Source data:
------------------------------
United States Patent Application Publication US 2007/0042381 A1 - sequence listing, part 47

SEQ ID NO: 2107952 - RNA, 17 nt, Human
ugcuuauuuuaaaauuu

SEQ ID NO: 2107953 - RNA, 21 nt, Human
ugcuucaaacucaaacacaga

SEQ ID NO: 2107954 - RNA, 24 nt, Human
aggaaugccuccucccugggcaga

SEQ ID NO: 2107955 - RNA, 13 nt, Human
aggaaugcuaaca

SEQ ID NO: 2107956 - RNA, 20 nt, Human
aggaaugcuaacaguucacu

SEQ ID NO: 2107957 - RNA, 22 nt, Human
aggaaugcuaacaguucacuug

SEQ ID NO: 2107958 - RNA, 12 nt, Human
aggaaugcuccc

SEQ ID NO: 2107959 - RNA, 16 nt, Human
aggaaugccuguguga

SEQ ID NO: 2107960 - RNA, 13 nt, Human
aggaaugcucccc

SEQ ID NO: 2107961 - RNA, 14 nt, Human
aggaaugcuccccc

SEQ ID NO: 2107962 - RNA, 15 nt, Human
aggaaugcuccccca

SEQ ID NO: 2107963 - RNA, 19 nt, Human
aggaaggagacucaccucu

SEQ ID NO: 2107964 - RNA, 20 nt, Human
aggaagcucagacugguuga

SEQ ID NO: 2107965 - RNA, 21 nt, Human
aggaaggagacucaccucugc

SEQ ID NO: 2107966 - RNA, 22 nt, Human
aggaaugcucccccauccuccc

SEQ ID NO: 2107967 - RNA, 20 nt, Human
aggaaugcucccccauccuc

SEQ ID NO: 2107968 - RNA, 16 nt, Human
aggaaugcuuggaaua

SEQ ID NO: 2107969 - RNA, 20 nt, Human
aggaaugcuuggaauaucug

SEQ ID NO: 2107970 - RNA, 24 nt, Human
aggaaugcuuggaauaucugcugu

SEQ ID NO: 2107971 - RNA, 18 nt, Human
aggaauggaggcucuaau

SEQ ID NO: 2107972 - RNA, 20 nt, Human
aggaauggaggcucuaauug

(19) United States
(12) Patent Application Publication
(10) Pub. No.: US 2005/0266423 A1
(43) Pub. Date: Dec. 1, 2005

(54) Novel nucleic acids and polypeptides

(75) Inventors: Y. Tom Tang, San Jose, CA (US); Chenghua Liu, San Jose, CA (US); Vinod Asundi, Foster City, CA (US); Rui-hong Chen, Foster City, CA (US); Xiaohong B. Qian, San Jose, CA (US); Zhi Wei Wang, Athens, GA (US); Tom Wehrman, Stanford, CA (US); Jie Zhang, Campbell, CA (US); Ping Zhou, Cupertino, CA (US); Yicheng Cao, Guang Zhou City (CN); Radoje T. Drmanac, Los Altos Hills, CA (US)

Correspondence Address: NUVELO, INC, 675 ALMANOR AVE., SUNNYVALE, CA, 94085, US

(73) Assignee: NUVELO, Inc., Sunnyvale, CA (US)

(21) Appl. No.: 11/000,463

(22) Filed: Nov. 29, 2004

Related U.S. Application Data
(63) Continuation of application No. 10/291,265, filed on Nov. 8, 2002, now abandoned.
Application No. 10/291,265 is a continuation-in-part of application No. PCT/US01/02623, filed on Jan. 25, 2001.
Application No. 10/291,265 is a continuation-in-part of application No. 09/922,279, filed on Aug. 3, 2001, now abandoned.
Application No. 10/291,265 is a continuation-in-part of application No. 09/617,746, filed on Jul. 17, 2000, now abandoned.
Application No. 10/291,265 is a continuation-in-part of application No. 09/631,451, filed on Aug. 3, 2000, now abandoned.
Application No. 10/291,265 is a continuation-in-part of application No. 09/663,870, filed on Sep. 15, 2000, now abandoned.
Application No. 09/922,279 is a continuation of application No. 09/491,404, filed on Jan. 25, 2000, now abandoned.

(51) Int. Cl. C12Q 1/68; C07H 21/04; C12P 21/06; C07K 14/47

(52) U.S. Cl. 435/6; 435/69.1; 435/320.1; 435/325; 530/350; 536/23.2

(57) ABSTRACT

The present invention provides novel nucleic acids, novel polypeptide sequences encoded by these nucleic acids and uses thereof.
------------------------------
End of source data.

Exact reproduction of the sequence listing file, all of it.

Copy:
United States Patent Application Publication US 2007/0042381 A1 - sequence listing, part 47

SEQ ID NO: 2107952 - RNA, 17 nt, Human
ugcuuauuuuaaaauuu

SEQ ID NO: 2107953 - RNA, 21 nt, Human
ugcuucaaacucaaacacaga

SEQ ID NO: 2107954 - RNA, 24 nt, Human
aggaaugccuccucccugggcaga

SEQ ID NO: 2107955 - RNA, 13 nt, Human
aggaaugcuaaca

SEQ ID NO: 2107956 - RNA, 20 nt, Human
aggaaugcuaacaguucacu

SEQ ID NO: 2107957 - RNA, 22 nt, Human
aggaaugcuaacaguucacuug

SEQ ID NO: 2107958 - RNA, 12 nt, Human
aggaaugcuccc

SEQ ID NO: 2107959 - RNA, 16 nt, Human
aggaaugccuguguga

SEQ ID NO: 2107960 - RNA, 13 nt, Human
aggaaugcucccc

SEQ ID NO: 2107961 - RNA, 14 nt, Human
aggaaugcuccccc

SEQ ID NO: 2107962 - RNA, 15 nt, Human
aggaaugcuccccca

SEQ ID NO: 2107963 - RNA, 19 nt, Human
aggaaggagacucaccucu

SEQ ID NO: 2107964 - RNA, 20 nt, Human
aggaagcucagacugguuga

SEQ ID NO: 2107965 - RNA, 21 nt, Human
aggaaggagacucaccucugc

SEQ ID NO: 2107966 - RNA, 22 nt, Human
aggaaugcucccccauccuccc

SEQ ID NO: 2107967 - RNA, 20 nt, Human
aggaaugcucccccauccuc

SEQ ID NO: 2107968 - RNA, 16 nt, Human
aggaaugcuuggaaua

SEQ ID NO: 2107969 - RNA, 20 nt, Human
aggaaugcuuggaauaucug

SEQ ID NO: 2107970 - RNA, 24 nt, Human
aggaaugcuuggaauaucugcugu

SEQ ID NO: 2107971 - RNA, 18 nt, Human
aggaauggaggcucuaau

SEQ ID NO: 2107972 - RNA, 20 nt, Human
aggaauggaggcucuaauug

(19) United States
(12) Patent Application Publication
(10) Pub. No.: US 2005/0266423 A1
(43) Pub. Date: Dec. 1, 2005

(54) Novel nucleic acids and polypeptides

(75) Inventors: Y. Tom Tang, San Jose, CA (US); Chenghua Liu, San Jose, CA (US); Vinod Asundi, Foster City, CA (US); Rui-hong Chen, Foster City, CA (US); Xiaohong B. Qian, San Jose, CA (US); Zhi Wei Wang, Athens, GA (US); Tom Wehrman, Stanford, CA (US); Jie Zhang, Campbell, CA (US); Ping Zhou, Cupertino, CA (US); Yicheng Cao, Guang Zhou City (CN); Radoje T. Drmanac, Los Altos Hills, CA (US)

Correspondence Address: NUVELO, INC, 675 ALMANOR AVE., SUNNYVALE, CA, 94085, US

(73) Assignee: NUVELO, Inc., Sunnyvale, CA (US)

(21) Appl. No.: 11/000,463

(22) Filed: Nov. 29, 2004

Related U.S. Application Data
(63) Continuation of application No. 10/291,265, filed on Nov. 8, 2002, now abandoned.
Application No. 10/291,265 is a continuation-in-part of application No. PCT/US01/02623, filed on Jan. 25, 2001.
Application No. 10/291,265 is a continuation-in-part of application No. 09/922,279, filed on Aug. 3, 2001, now abandoned.
Application No. 10/291,265 is a continuation-in-part of application No. 09/617,746, filed on Jul. 17, 2000, now abandoned.
Application No. 10/291,265 is a continuation-in-part of application No. 09/631,451, filed on Aug. 3, 2000, now abandoned.
Application No. 10/291,265 is a continuation-in-part of application No. 09/663,870, filed on Sep. 15, 2000, now abandoned.
Application No. 09/922,279 is a continuation of application No. 09/491,404, filed on Jan. 25, 2000, now abandoned.

(51) Int. Cl. C12Q 1/68; C07H 21/04; C12P 21/06; C07K 14/47

(52) U.S. Cl. 435/6; 435/69.1; 435/320.1; 435/325; 530/350; 536/23.2

(57) ABSTRACT

The present invention provides novel nucleic acids, novel polypeptide sequences encoded by these nucleic acids and uses thereof.